After 16 straight years of their state being crowned as the one with the best economic climate in the country, Utahns may be excused for thinking they can take success for granted.

And yet, this record is not an accident. Utahns should be grateful for the policy decisions, social climate and individual citizen and community choices that helped make it so. And Utahns should work to ensure the state’s politicians and institutions continue to hold to those successful policies and principles in the future.

Growth comes with its own set of challenges, of course. That is especially true in a desert where resources are precious. The more people who move here, the more difficult those challenges become. But, if handled correctly, the advantages of growth far outweigh the disadvantages, and the challenges of growth are much preferred to the challenges of economic decline and population loss, with its declining tax base and dwindling opportunities.

Each year, the American Legislative Exchange Council publishes a report it calls “Rich States, Poor States.” It’s an attempt to rank states based on metrics concerned with limited government, free markets and federalism. The latest results were released earlier this month, and Utah came out on top for the 16th straight year.

But the American Legislative Exchange Council isn’t the only group to take note of Utah’s economy. For example, in the U.S. News and World Report’s rankings of states Utah comes in third and is credited with the number 1 economy overall. And several years ago, the Wall Street Journal acknowledged Utah’s track record, dubbing it “America’s Economic Star.”

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The metrics highlighted by the “Rich States, Poor States” report are more conservative in nature. Liberal states that the report’s authors would say embrace government interventions and excessive regulatory control tend to perform poorly on this report. New York finished last, for instance. But the results do correlate roughly with other measures of growth rates and prosperity. During much of that 16-year period, Utah also led the nation in population growth, posting an 18.4% gain during the decade of the teens.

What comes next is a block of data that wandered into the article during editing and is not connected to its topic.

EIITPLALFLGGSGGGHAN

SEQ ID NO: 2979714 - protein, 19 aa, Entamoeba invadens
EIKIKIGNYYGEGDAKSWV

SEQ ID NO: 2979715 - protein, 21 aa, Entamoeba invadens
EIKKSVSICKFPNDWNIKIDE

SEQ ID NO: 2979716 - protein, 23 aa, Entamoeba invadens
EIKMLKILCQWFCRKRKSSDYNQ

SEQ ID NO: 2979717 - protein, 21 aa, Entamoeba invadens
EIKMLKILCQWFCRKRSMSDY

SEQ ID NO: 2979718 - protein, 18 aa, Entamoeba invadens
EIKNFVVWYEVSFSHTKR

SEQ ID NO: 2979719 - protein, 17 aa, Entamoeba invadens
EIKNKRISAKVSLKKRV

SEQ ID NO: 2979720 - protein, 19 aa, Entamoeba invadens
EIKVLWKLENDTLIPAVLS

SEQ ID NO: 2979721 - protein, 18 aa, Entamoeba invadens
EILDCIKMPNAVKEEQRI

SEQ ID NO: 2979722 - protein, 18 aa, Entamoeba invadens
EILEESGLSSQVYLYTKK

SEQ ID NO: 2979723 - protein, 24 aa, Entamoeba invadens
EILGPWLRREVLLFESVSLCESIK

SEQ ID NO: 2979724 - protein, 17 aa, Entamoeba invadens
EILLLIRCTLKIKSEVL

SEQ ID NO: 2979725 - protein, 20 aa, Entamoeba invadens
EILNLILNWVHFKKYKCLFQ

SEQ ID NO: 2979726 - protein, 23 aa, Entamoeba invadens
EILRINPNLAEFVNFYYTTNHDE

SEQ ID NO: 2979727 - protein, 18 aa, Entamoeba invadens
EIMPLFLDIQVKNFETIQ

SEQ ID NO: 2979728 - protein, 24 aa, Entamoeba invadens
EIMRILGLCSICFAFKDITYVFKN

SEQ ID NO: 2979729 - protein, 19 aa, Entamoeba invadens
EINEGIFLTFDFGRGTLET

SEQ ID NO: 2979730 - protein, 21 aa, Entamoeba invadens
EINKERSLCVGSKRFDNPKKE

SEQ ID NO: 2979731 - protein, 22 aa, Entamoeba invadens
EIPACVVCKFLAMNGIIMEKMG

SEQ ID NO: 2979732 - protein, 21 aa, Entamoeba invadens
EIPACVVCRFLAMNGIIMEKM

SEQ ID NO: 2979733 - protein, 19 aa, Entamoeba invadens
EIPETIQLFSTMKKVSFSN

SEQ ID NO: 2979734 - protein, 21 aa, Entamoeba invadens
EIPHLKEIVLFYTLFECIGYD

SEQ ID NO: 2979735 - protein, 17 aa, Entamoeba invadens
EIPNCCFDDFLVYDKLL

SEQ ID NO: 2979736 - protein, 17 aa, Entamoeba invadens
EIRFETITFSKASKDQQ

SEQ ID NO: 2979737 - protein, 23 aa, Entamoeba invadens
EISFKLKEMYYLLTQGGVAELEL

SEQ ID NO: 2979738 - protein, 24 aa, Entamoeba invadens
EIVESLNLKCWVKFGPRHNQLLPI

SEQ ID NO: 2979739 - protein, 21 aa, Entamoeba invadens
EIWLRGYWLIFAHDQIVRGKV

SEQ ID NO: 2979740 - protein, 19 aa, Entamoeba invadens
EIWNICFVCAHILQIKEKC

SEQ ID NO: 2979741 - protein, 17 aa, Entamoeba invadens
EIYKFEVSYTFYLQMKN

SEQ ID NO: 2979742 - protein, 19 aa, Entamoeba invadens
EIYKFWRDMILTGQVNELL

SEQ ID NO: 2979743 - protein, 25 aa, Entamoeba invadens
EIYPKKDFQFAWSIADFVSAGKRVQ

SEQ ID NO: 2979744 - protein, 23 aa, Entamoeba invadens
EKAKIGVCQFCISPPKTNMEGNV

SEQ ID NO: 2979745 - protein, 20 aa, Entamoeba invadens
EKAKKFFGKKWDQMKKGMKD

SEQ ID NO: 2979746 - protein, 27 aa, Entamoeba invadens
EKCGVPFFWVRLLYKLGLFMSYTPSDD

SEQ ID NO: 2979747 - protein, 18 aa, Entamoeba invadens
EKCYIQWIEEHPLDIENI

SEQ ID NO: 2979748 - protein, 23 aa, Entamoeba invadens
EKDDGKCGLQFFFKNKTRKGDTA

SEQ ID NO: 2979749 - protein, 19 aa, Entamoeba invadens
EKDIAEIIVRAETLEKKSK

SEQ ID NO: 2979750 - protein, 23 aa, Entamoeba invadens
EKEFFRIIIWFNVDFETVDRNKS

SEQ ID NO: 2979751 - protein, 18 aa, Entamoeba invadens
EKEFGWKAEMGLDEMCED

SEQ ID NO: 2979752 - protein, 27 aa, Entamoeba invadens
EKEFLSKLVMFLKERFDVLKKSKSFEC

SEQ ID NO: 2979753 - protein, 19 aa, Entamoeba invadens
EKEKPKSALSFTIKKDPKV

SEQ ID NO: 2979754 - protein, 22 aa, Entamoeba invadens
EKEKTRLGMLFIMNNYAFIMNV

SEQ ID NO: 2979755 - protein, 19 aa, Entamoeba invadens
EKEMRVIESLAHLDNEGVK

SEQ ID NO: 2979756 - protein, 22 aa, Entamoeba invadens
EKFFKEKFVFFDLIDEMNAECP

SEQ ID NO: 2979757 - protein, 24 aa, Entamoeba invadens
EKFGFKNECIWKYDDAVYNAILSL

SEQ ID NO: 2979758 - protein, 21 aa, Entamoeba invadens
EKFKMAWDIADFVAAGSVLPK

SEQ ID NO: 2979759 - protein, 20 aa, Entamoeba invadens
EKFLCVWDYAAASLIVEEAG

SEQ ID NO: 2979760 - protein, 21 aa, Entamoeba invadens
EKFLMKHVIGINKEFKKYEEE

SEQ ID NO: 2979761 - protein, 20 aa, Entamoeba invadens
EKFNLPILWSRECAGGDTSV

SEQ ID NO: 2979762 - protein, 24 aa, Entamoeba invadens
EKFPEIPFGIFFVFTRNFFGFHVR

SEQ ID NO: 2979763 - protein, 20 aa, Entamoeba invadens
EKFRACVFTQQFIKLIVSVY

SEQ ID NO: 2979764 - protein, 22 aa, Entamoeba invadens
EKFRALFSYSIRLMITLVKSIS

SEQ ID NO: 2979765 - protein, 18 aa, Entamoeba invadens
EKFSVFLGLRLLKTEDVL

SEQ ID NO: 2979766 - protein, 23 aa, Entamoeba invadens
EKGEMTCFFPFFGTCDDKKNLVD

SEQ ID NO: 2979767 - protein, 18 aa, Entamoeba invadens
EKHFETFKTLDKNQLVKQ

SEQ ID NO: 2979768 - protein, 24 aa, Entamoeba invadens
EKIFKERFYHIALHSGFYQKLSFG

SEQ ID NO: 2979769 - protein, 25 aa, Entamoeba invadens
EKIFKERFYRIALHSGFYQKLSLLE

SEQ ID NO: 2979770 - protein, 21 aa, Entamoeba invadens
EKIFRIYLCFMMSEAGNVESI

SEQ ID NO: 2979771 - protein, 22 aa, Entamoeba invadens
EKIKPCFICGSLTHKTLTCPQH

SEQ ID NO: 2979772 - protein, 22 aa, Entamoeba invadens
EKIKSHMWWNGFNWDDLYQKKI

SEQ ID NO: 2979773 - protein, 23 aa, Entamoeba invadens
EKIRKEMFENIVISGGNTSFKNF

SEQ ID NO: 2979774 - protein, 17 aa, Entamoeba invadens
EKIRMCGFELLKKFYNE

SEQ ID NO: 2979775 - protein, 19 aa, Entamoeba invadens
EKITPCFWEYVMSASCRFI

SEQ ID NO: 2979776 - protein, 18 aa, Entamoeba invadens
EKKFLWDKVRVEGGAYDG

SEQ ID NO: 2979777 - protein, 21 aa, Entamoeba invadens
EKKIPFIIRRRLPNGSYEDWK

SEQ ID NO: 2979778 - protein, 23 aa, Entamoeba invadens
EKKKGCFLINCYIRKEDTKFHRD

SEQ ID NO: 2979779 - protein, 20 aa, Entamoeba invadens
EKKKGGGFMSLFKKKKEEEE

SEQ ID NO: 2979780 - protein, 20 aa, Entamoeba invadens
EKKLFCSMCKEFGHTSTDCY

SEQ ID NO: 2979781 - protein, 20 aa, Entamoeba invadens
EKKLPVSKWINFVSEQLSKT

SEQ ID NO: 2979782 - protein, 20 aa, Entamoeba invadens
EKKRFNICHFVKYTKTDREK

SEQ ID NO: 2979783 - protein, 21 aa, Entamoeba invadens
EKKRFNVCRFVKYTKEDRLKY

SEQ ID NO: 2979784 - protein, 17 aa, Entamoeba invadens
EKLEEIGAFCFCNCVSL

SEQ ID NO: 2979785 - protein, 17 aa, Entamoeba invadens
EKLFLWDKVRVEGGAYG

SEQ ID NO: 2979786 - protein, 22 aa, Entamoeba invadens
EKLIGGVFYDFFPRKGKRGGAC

Even during the turbulent pandemic years of 2020-22, when many people stayed home and growth trends became hard to predict, Utah grew by just under 3%, which was among the highest rates in the nation. Utah County alone grew by an astounding 4.3%, according to Census data.

Those figures validate the Rich States, Poor States data, as does the fact that New York and Illinois shrank during those years, undoubtedly spurred by the newfound freedom to relocate that many people enjoyed because of work-from-home policies.

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Among all the categories in this year’s Rich States, Poor States, Utah was near the top for its remaining tax burden after state sales, income and property taxes are considered. These remaining taxes are generally translated as local taxes. This speaks to the limited ability state lawmakers give local governments to raise revenue on their own. The so-called “truth in taxation” law, for one thing, keeps local governments from capturing more revenue than they did the previous year, with the exception of an allowance for natural growth. Any increase must be declared a tax hike, resulting in a public hearing. 

This has been a powerful leash on local government spending. A 2018 study by the Utah Foundation concluded that this law has kept the line on property taxes despite soaring home prices in recent years. 

The state scored 11th for marginal corporate income tax, 12th for personal income tax progressivity and 15th for its property tax burden. Its lowest rank, 37th, came for its sales tax burden. But conservative lawmakers have made a point of preferring the sales tax, which is a levy on mostly voluntary consumption, to a tax on earnings, or income taxes. As the adage goes, the more you tax something, the less of it you get. It makes little sense to incentivize less initiative to work hard for earnings.

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The report was authored by economists Stephen Moore, Arthur Laffer and Jonathan Williams. It is touted as a report that reflects policies over which state political leaders have direct influence. 

That influence can be wide and varied, and it has several facets. Moore, a co-author who is a senior fellow at the Heritage Foundation, told Fox News, “Utah has been No. 1 for (16) years because of its solid pro-business policy regime.”

But there is much more that goes into an economy than policy regimes. Utah, for example, has for decades had one of the highest birthrates in the country as well as one of the highest rates of children raised in married two-parent households. And with lower rates of smoking and drinking, Utah’s population tends to be healthier. Utah also touts higher rates of upward mobility, social cohesion and volunteerism. Policies matter, but the social environment from which economies arise plays a role.

And the environment itself can be a factor. Lawmakers this year spent considerable money on efforts to save the Great Salt Lake from extinction, as well as to enhance other waterways threatened by a persistent drought. Some critics said these efforts were not enough. That expenditure, which now totals nearly $1 billion over two years, has little direct impact on business in any way the report might measure. However, without a healthy environment, growth would stop and business would evaporate.

Reports such as these, then, are limited by what they measure. Still, Utah’s impressive and ongoing growth rate — the Kem C. Gardner Institute says most of it is driven by in-migration and will become increasingly diverse with time — is definitely worth celebrating.